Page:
Leigh Matthews


Leigh Matthews

Infobox afl player NEW
playername = Leigh Matthews
fullname = Leigh Raymond Matthews
image capt = Statue of Leigh Matthews outside the MCG


birthdate = Birth date and age|1952|3|1|df=y
birthplace = Frankston, Victoria
originalteam = Chelsea Football Club
heightweight = 178cm / 86kg
position = Forward (retired)
dead = alive
deathdate =
deathplace =
years = 1969-1985
clubs = AFL Haw
games(goals) = 332 (915)
coach = coach
coachyears = 1986-1995
1999-2008
coachclubs = AFL Col
AFL BL
coachgames(wins) = 224 (125)
223 (136)
nationalyears = 1991-2007
nationalteams =
nationalgames(goals) = 0 (0)
statsend = Round 8, 2008
careerhighlights =

*Australian Football Hall of Fame: Legend (1996, inaugural), Player of the Century
*AFL Team of the Century: Forward Pocket
*VFLPA MVP Award: 1982
**Award renamed in Matthews' honour: 2002
*VFL Leading Goalkicker: 1975
*All-Australian Team: 1972
*Premierships (8)
**as player: Hawthorn 1971, 1976, 1978, 1983
**as captain: Hawthorn 1983
**as coach: Collingwood 1990; Brisbane Lions 2001-03
*Victorian Captain: 1980
*Victorian Representative: 14 occasions
*Hawthorn Team of the Century: Rover
*Hawthorn Best and Fairest (8): 1971-72, 1974, 1976-78, 1980, 1982
*Hawthorn Captain: 1981-1985
*Hawthorn Leading Goalkicker (6): 1973, 1975, 1981-84

Leigh Raymond "Lethal Leigh" Matthews AM (born 1 March 1952) is a former player and coach of Australian rules football. He played for Hawthorn in the Victorian Football League (now Australian Football League) from 1969 to 1985, coached Collingwood from 1986-1995, and coached the Brisbane Lions from 1999 to 2008. As a player he was voted the "Best player of the 20th century", and is one of the most successful AFL coaches of all time. [ [http://www.theage.com.au/articles/2003/09/25/1064083127334.html?from=storyrhs Real Footy: 'Lethal' on verge of code's elite level] ] . In 2008, Matthews was named as the second greatest Australian Football's greatest ever player, behind Wayne Carey, as part of a list of the top 50 players of all time, published in the book 'The Australian Game of Football', which was released by the AFL to celebrate 150 years of Australian Football. [cite web|url=http://www.afl.com.au/tabid/208/Default.aspx?newsid=55909|title=Mike Sheahan's top 50 players]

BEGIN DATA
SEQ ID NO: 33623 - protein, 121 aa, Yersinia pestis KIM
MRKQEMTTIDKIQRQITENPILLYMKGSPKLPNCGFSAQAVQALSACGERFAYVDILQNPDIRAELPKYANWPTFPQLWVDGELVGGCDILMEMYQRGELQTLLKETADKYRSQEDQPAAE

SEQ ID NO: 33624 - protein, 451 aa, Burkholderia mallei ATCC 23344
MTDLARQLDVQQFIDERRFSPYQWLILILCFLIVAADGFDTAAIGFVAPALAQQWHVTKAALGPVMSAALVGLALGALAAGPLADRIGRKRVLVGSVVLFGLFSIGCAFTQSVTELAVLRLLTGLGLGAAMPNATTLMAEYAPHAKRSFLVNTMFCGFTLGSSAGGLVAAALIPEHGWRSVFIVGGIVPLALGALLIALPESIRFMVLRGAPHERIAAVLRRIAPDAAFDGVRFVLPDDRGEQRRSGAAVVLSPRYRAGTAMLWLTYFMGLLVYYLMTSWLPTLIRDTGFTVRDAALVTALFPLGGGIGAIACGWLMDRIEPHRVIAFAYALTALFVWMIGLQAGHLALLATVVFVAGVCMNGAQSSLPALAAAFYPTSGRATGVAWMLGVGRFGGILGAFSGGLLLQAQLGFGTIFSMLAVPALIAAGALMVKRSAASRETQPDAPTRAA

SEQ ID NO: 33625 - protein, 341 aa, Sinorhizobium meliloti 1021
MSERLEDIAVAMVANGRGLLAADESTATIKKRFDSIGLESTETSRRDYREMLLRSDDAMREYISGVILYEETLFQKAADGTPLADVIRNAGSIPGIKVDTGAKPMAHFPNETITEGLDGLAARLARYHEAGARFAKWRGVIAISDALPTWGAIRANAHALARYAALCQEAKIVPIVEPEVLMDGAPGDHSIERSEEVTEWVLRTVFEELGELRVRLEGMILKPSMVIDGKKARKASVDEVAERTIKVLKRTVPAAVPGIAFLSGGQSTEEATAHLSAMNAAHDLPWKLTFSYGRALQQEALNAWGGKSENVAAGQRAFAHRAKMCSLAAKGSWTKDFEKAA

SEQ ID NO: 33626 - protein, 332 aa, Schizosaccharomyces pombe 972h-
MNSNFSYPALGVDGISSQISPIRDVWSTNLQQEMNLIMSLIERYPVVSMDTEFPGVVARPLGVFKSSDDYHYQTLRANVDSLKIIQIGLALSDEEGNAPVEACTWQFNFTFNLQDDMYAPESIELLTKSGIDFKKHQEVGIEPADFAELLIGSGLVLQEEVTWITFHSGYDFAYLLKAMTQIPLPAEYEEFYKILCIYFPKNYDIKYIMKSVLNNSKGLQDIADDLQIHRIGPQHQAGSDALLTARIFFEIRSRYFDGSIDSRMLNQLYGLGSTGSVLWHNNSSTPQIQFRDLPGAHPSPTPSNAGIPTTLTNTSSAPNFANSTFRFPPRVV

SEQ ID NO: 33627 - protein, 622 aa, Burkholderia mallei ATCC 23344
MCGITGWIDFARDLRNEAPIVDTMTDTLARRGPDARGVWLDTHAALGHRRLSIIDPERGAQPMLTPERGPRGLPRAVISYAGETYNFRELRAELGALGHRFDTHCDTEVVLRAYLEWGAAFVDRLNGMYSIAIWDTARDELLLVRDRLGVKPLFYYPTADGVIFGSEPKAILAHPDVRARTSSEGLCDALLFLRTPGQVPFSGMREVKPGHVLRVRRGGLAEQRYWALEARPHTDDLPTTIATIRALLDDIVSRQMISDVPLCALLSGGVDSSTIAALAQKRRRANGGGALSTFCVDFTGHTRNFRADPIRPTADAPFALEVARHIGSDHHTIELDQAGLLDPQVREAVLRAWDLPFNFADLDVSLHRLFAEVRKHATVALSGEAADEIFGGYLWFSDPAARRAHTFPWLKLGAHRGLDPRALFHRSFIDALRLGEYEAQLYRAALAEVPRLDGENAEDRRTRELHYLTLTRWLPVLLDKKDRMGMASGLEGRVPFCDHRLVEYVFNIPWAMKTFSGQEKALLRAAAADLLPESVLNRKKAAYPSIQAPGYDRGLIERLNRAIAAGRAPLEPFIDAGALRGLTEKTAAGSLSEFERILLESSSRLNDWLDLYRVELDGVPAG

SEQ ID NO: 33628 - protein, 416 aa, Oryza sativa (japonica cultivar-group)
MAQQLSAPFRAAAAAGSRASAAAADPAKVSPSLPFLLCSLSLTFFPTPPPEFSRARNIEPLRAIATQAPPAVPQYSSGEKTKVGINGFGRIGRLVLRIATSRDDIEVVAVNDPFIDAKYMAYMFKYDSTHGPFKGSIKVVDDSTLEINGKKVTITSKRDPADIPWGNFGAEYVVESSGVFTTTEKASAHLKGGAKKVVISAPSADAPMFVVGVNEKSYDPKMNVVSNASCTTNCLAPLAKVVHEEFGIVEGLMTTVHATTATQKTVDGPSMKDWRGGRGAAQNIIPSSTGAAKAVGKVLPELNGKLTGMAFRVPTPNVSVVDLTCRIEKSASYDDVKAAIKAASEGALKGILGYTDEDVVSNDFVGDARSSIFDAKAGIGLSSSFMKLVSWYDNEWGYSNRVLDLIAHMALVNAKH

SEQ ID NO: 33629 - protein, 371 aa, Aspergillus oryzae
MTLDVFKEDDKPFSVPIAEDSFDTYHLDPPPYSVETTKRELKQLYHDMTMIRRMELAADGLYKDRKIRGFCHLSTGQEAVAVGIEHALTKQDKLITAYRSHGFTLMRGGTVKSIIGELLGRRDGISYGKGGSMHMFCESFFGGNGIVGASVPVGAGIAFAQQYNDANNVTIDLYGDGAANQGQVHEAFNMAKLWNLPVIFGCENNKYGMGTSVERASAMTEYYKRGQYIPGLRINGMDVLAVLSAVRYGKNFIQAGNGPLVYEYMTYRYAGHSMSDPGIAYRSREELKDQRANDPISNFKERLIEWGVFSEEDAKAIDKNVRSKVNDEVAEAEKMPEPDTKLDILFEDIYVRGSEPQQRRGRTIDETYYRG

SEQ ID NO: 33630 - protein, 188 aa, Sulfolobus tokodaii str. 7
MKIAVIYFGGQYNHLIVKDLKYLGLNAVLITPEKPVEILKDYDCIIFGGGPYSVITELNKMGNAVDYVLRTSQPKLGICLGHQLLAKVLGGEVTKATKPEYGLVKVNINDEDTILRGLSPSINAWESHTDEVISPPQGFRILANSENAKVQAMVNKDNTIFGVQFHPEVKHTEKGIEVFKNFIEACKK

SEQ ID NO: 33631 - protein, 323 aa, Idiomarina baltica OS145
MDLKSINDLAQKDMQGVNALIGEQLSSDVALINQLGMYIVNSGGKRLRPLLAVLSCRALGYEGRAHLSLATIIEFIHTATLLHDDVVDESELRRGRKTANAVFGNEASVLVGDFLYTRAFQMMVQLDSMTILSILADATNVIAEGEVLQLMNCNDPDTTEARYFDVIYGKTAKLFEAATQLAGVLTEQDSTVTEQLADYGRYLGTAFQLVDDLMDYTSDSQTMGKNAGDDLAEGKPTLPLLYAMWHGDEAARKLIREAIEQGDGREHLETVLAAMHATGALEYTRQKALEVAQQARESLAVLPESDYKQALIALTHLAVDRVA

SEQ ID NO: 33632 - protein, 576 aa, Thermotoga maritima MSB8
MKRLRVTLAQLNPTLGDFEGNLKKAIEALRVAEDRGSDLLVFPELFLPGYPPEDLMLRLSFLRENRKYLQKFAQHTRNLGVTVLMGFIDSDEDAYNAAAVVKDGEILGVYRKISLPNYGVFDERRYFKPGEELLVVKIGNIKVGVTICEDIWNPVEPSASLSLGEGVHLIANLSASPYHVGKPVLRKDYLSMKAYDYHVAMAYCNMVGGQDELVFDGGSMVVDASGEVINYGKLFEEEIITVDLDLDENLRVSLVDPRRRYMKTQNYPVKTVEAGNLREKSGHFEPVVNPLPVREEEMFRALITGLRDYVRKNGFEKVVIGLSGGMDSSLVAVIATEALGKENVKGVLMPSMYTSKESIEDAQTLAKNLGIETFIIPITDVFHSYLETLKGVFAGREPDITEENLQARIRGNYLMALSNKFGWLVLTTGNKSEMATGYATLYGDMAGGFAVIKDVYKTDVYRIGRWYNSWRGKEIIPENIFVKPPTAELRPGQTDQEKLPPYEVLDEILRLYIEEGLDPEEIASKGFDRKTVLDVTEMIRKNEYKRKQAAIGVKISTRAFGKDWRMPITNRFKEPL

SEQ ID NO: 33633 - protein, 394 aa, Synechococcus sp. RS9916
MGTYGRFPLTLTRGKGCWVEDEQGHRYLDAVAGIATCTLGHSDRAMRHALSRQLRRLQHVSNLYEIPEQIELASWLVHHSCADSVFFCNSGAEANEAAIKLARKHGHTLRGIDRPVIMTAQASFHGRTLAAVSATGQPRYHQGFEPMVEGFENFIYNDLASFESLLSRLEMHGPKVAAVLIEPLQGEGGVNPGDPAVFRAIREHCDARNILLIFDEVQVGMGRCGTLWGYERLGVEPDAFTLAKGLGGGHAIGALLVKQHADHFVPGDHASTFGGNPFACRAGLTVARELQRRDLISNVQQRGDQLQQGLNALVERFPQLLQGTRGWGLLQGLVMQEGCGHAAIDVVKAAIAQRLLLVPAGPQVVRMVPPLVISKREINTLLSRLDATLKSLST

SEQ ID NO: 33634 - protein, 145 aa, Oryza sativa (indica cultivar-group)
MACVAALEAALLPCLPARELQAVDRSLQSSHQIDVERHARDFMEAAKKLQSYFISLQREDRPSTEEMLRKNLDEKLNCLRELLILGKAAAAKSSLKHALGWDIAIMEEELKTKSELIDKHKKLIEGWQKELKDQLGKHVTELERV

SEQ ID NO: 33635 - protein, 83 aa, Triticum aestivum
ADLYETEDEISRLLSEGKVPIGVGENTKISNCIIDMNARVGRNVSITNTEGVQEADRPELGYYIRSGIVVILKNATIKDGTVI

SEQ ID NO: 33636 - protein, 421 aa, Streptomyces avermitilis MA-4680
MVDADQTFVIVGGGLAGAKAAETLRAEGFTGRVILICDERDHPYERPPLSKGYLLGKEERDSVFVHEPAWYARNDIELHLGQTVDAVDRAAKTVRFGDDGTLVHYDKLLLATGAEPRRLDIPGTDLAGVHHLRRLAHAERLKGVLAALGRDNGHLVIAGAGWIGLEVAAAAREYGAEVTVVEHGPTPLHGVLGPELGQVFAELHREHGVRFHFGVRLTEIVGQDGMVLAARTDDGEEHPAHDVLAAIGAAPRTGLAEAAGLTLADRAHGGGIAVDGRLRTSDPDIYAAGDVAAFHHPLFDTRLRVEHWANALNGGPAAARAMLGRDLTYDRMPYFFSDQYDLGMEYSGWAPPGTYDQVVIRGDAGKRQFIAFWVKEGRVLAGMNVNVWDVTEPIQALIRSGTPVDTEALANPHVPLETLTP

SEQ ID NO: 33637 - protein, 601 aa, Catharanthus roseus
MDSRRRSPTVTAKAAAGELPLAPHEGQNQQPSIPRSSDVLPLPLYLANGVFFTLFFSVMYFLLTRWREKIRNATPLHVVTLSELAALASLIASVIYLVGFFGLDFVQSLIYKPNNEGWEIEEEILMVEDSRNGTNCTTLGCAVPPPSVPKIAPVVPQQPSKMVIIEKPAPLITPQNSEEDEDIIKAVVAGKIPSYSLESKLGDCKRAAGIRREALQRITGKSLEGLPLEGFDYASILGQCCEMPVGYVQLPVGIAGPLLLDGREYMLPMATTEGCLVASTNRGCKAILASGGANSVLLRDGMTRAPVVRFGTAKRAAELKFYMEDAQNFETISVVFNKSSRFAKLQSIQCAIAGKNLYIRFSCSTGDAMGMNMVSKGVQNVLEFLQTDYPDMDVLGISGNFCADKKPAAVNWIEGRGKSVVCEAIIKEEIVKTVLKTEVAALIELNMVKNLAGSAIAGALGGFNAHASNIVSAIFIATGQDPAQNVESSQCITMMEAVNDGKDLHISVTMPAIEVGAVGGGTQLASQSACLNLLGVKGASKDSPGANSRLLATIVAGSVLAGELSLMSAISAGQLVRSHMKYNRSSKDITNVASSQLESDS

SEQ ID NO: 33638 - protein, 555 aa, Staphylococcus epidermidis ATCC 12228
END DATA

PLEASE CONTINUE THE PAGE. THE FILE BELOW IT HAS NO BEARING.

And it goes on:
Playing career

Early career

Matthews played his junior football at the Chelsea Football Club, and joined Hawthorn at the age of sixteen, having already played senior suburban football. Part of a footballing family, Matthews' brother Kelvin had played 155 games at Hawthorn and Geelong Matthews made his senior debut for the Hawks in 1969, winning the club's Best First Year Player award, despite playing only five senior games in the season. By 1970, Matthews had earned a regular place in the team as a rover rotating forward.

1970s

In 1971, Matthews established himself as one of the league's elite players, earning his first of fourteen Victorian guernseys, his first of eight Hawthorn Best and Fairest awards, and his first of four playing premiership medallions, at an age of only nineteen. Throughout the remainder of the 1970s, Matthews won five more Best and Fairests (1972, 1974, 1976, 1977 and 1978), and two more premiership medallions (1976, 1978). Matthews prowess as a goalkicker grew through the 1970s. Matthews topped the Hawthorn goalkickers' table twice (1973, 1975) in the 1970s, and was the league's leading goalkicker in 1975, scoring 68 goals; while this was an unusually low tally, it was a rare result for a non-full forward to lead the competition. In 1977, he scored 91 goals, which was the record for goals kicked by a non-full forward (broken in 1990 by Peter Daicos from Collingwood, where Matthews was then coaching).

1980s

In 1980, Matthews was selected as the captain of the Victorian State of Origin team for the only time in his career, and he won his seventh club Best and Fairest. In 1981, he became the captain of Hawthorn, a position he held until his retirement in 1985.

Matthews was the club leading goalkicker four times in a row from 1981 until 1984. He won the Best and Fairest for the eighth time in 1982, the same year winning the VFL Players' Association's inaugural Most Valuable Player award. In 1983, Matthews would win his fourth premiership medallion, his last as a player.